Ericsson and T-Mobil in world's first GPRS contract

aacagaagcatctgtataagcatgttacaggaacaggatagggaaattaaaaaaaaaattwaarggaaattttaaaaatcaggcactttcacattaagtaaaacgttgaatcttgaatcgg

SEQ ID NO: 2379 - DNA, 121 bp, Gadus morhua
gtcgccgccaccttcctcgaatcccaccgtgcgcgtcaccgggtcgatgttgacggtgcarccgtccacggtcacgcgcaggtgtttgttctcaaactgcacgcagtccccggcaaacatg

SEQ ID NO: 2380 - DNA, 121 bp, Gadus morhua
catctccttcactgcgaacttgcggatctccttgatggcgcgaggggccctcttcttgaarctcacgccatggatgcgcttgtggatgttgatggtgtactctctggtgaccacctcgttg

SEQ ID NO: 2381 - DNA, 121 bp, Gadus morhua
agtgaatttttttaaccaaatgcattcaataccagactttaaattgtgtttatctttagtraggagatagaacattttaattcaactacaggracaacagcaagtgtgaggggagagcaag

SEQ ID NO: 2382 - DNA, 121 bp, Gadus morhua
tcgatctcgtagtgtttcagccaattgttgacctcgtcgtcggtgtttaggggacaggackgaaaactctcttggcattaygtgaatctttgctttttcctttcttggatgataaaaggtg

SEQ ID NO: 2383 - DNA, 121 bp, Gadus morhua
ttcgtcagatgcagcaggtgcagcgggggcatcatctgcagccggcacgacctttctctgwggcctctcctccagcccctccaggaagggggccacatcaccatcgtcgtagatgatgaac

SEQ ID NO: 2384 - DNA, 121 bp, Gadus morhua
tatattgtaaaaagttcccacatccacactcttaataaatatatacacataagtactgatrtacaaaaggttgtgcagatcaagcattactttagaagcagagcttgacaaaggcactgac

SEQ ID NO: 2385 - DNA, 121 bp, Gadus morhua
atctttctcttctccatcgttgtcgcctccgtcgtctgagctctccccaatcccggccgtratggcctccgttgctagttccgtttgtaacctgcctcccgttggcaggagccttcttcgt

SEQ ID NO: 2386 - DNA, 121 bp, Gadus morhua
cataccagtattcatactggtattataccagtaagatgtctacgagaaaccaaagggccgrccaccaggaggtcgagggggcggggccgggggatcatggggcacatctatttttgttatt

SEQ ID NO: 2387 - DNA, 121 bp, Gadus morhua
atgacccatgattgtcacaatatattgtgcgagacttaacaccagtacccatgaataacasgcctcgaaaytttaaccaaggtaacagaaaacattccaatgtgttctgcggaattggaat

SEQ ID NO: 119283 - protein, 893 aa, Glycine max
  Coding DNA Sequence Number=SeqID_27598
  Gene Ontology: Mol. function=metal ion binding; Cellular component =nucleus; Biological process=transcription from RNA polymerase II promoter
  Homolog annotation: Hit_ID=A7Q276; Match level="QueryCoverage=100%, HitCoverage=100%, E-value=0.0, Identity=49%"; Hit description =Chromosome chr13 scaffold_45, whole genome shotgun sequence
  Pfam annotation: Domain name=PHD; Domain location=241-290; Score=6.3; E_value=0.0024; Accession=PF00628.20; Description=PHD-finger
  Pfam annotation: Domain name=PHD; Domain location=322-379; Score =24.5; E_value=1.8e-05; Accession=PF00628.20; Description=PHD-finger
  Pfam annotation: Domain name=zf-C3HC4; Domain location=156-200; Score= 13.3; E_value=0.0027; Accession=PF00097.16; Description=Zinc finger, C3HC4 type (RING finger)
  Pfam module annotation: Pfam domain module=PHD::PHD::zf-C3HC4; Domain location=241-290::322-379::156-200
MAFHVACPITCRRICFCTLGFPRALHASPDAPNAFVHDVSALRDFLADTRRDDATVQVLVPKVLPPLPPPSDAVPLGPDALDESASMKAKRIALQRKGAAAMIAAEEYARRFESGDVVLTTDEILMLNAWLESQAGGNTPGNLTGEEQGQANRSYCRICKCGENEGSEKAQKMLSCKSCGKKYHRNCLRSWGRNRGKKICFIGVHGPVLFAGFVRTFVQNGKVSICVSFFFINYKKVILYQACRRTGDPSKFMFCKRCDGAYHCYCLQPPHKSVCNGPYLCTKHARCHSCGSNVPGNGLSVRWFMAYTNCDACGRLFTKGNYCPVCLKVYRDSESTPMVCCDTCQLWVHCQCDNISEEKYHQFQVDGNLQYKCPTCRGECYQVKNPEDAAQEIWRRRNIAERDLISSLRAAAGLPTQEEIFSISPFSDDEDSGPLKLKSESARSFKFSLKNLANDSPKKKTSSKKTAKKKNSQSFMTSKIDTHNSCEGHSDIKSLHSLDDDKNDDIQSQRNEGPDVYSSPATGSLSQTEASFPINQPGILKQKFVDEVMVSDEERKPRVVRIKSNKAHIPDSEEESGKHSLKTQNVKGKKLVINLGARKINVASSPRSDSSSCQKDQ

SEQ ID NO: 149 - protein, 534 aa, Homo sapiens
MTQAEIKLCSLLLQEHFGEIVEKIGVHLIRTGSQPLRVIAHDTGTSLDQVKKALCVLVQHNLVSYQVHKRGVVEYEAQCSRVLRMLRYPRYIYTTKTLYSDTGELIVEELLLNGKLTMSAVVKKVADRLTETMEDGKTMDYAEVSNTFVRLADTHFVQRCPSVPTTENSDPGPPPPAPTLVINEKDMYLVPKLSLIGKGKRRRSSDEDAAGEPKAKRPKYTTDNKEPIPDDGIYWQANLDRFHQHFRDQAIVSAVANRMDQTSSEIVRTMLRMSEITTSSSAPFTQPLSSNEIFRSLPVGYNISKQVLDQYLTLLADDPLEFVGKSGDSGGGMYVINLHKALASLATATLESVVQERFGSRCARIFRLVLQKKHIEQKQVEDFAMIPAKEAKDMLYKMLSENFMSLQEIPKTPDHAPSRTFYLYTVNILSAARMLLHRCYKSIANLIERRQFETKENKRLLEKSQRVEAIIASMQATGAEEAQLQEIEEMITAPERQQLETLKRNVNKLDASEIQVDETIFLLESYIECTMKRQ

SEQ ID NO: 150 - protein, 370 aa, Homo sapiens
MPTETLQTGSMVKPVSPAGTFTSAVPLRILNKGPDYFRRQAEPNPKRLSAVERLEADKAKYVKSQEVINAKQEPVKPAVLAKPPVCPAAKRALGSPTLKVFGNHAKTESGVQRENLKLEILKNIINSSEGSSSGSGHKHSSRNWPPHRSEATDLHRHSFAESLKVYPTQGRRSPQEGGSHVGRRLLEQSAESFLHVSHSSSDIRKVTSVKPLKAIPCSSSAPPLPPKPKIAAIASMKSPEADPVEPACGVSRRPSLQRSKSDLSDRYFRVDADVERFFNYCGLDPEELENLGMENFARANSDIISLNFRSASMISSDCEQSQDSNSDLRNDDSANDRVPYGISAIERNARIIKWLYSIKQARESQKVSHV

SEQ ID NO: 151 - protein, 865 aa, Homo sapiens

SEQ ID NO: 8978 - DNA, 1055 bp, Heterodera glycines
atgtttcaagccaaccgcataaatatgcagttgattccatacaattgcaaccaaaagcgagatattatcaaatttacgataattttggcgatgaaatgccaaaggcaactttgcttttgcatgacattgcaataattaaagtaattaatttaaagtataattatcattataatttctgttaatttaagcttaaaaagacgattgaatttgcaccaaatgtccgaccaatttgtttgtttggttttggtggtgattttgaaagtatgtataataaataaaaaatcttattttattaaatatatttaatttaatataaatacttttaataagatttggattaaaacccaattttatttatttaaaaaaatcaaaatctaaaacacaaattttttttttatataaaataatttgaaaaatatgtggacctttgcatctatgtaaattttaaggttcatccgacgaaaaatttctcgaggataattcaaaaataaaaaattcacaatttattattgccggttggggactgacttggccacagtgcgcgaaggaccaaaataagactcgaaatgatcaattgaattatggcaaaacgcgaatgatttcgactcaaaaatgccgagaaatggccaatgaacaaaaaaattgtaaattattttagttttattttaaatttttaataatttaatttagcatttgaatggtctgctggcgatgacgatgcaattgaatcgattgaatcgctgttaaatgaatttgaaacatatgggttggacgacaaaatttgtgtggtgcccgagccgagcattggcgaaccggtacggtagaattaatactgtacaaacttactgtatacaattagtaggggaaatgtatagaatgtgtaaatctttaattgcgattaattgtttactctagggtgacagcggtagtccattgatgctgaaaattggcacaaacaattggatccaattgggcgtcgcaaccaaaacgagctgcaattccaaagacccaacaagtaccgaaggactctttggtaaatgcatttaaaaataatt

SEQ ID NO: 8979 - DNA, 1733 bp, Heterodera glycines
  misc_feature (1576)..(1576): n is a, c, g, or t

Ericsson and T-Mobil in world's first GPRS contract GSM embraces IP technology Ericsson and German operator T-Mobil (Deutsche Telekom MobilNet) have signed a contract to implement GPRS (General Packet Radio Service) into T-Mobil's nationwide GSM network. This packet-switched datacom technology will enable T- Mobil to offer wireless Internet and other IP-based services at speeds up to 115 kbps - a more than tenfold increase of the current network speeds. GPRS is also an important step for operators in the evolution to third-generation (3G) networks. The contract for T-Mobil's core network implementation fully draws on Ericsson's GPRS architecture that combines robust telecoms and reliable datacoms as well as adds further mobility to IP services. Deliveries include an Ericsson Packet Switching IP and Router platform, based on an open architecture. This industry first emphasizes T-Mobil's efforts to take a leading role in the wireless datacom market. High throughput data speed is a key ingredient to putting ´legs` on the Internet, opening up a range of opportunities for new services in a wireless environment, including IP-based services or position-based services. GPRS is a common step for both GSM and TDMA (IS-136) networks to handle higher data speeds and offer 3G packet capabilities. With this common technology, GPRS and the even faster Edge technology form a major step in the convergence of the two standards. Added to that, Ericsson will also introduce its Worldphone in late 1999 - handling services over GSM, TDMA and AMPS networks in the same phone. The company has a long and broad experience of packet-based datacom networks. Ericsson is already the leader in mobile datacom networks. The company has maintained this leadership for 10 years and is now leveraging on these experiences. The contract with T-Mobil represents a significant step in Ericsson's strategy to maintain leadership in the New Telecoms World. Ericsson has delivered dedicated packet data networks to wireless operators in some 25 countries on five continents. For wireless operators Ericsson also offers integrated packet data solutions, like CDPD (Cellular Digital Packet Data) for TDMA networks. Ericsson is the leading provider in the new telecoms world, with communications solutions that combine telecom and datacom technologies with freedom of mobility for the user. With more than 100,000 employees in 140 countries, Ericsson simplifies communications for its customers - network operators, service providers, enterprises and consumers - the world over. Please visit Ericsson's Press Room at: http://www.ericsson.se/pressroom FOR FURTHER INFORMATION, PLEASE CONTACT Corinna Philipp-Weinelt, Manager Public Relations, Ericsson GmbH Phone: +49 211 534 1426 Per Nordlöf, General Manager, Packet Switching Systems Ericsson Business Unit GSM Systems Phone: +46 8 764 1011; E-mail: email@example.com Johan Wiklund, Ericsson Corporate Communications Phone: +46 70 560 0134; E-mail: firstname.lastname@example.org ADDITIONAL GPRS INFORMATION GPRS technology is optimized for "bursty" datacom services such as wireless Internet/intranet and multimedia services. One of the main benefits of this new packet-switched technology is that users are always connected, always on- line, and may be charged only for the amount of data that is transported. Users will also benefit from fast and easy access to different services. Ericsson offers a robust IP end-to-end GPRS solution with open interfaces enabling integration into multi-vendor networks. The company's GPRS solution also offers leading-edge security for wireless use of intranet and corporate LAN services. GPRS is a smooth add-on to integrate into existing networks. For new operators, it's also attractive to launch GPRS networks to provide competitive datacom services. The company has already taken more than five agreements for another complementary wireless technology for datacom services: HSCSD (High Speed Circuit Switched Data), which is especially well suited for real-time services and transferring of larger amounts of data, such as video-based services.